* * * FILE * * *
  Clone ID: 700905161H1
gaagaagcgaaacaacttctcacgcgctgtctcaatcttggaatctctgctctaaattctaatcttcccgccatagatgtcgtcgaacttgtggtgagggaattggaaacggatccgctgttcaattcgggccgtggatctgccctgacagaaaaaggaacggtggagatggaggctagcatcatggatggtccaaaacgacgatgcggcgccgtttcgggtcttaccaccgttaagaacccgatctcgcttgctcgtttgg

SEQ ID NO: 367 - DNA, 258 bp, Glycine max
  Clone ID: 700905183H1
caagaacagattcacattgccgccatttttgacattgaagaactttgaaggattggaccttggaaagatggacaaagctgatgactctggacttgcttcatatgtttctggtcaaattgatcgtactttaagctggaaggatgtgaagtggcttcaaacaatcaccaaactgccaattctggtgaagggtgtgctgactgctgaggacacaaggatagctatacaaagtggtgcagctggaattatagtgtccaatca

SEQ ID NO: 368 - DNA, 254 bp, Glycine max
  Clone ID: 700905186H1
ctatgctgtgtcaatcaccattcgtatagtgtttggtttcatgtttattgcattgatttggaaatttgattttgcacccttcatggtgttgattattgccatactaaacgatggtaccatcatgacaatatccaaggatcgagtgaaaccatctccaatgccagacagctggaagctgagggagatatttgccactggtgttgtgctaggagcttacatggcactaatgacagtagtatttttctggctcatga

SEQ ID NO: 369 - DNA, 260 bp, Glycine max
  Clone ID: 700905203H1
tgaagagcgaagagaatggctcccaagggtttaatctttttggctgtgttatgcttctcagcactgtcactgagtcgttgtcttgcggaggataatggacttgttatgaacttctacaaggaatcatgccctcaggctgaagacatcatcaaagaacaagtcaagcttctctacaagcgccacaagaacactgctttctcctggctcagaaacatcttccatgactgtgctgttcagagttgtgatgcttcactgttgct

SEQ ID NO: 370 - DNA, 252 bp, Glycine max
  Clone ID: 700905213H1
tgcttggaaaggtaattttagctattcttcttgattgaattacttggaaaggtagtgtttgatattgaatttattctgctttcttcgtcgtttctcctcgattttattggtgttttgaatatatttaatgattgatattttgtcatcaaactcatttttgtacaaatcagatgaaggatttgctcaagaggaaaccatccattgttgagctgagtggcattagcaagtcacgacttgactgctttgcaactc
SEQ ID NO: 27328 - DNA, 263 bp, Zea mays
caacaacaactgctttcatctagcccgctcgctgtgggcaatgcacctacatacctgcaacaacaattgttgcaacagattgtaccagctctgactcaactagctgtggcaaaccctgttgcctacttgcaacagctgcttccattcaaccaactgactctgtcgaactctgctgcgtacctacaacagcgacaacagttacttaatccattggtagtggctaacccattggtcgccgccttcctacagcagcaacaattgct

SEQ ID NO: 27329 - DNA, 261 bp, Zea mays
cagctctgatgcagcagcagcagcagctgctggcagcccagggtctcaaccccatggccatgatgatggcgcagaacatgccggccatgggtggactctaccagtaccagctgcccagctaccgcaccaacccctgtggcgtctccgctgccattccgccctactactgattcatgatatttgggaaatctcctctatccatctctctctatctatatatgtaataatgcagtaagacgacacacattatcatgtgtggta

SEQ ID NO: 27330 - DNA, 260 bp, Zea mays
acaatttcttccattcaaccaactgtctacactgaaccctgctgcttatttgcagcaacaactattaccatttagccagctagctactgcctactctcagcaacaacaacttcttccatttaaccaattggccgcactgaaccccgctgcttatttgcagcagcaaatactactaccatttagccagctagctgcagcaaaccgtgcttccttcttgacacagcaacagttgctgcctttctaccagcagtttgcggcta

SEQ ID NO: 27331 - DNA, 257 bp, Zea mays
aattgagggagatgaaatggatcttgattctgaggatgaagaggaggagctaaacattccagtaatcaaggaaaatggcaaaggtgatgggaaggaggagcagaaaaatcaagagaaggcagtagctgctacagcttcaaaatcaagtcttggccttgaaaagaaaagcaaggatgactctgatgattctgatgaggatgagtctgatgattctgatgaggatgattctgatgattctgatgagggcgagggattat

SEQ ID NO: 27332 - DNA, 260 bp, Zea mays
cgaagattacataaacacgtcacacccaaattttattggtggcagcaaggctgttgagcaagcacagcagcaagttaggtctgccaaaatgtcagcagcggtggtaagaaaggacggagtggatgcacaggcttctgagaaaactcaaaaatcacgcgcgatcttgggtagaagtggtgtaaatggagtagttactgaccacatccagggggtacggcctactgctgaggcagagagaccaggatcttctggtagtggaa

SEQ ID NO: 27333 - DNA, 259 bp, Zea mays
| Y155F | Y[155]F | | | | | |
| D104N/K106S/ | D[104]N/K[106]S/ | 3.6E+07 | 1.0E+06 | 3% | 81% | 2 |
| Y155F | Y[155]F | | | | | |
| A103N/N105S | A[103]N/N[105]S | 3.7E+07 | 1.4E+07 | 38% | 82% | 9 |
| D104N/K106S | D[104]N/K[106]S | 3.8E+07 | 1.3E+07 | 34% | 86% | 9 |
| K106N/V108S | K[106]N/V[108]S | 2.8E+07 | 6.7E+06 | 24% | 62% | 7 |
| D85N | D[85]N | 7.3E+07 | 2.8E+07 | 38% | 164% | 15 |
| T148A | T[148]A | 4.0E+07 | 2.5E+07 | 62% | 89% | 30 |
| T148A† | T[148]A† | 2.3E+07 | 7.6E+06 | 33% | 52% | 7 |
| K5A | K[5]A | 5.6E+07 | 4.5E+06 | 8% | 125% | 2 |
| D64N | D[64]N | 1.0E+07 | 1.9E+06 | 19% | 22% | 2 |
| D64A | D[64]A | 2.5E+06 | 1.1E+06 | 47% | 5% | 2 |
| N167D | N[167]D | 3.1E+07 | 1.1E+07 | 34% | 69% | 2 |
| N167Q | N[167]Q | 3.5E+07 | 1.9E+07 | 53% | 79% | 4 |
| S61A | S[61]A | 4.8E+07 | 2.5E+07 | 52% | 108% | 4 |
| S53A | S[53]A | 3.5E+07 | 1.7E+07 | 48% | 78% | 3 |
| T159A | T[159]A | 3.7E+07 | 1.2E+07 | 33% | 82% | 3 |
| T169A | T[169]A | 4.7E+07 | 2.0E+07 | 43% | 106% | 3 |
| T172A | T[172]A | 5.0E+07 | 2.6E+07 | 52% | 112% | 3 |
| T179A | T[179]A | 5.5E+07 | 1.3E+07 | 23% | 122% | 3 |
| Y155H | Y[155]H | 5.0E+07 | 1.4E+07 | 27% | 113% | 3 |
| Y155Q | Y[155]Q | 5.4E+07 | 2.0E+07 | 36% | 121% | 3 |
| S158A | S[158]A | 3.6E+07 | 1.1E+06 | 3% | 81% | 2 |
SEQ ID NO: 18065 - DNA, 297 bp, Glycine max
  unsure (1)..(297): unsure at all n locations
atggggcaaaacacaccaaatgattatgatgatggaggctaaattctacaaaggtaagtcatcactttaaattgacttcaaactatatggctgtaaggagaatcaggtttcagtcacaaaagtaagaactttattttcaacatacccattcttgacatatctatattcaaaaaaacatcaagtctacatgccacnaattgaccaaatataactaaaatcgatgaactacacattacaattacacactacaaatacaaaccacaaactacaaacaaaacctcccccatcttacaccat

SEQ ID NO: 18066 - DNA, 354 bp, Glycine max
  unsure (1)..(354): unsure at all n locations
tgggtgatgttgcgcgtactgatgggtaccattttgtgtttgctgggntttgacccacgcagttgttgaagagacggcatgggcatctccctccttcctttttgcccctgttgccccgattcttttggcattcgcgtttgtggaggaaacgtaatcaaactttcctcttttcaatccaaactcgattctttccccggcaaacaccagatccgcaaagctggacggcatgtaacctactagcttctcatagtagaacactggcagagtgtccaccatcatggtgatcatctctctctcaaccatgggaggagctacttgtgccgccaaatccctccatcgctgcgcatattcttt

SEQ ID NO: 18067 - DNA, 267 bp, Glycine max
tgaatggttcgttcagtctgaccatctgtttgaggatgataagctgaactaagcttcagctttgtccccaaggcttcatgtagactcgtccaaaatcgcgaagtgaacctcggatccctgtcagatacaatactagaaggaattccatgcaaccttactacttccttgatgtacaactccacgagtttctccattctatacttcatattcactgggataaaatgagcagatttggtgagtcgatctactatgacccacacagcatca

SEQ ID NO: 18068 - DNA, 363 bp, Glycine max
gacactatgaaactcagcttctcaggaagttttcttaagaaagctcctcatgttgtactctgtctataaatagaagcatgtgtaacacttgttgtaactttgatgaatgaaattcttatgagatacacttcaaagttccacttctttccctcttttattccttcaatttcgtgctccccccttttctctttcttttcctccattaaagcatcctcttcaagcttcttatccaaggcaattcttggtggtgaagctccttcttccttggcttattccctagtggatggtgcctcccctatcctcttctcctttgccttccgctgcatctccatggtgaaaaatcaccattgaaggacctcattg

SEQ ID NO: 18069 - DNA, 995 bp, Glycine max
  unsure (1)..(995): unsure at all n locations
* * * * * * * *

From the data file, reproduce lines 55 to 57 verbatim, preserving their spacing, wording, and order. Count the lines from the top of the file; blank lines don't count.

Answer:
SEQ ID NO: 18067 - DNA, 267 bp, Glycine max
tgaatggttcgttcagtctgaccatctgtttgaggatgataagctgaactaagcttcagctttgtccccaaggcttcatgtagactcgtccaaaatcgcgaagtgaacctcggatccctgtcagatacaatactagaaggaattccatgcaaccttactacttccttgatgtacaactccacgagtttctccattctatacttcatattcactgggataaaatgagcagatttggtgagtcgatctactatgacccacacagcatca

SEQ ID NO: 18068 - DNA, 363 bp, Glycine max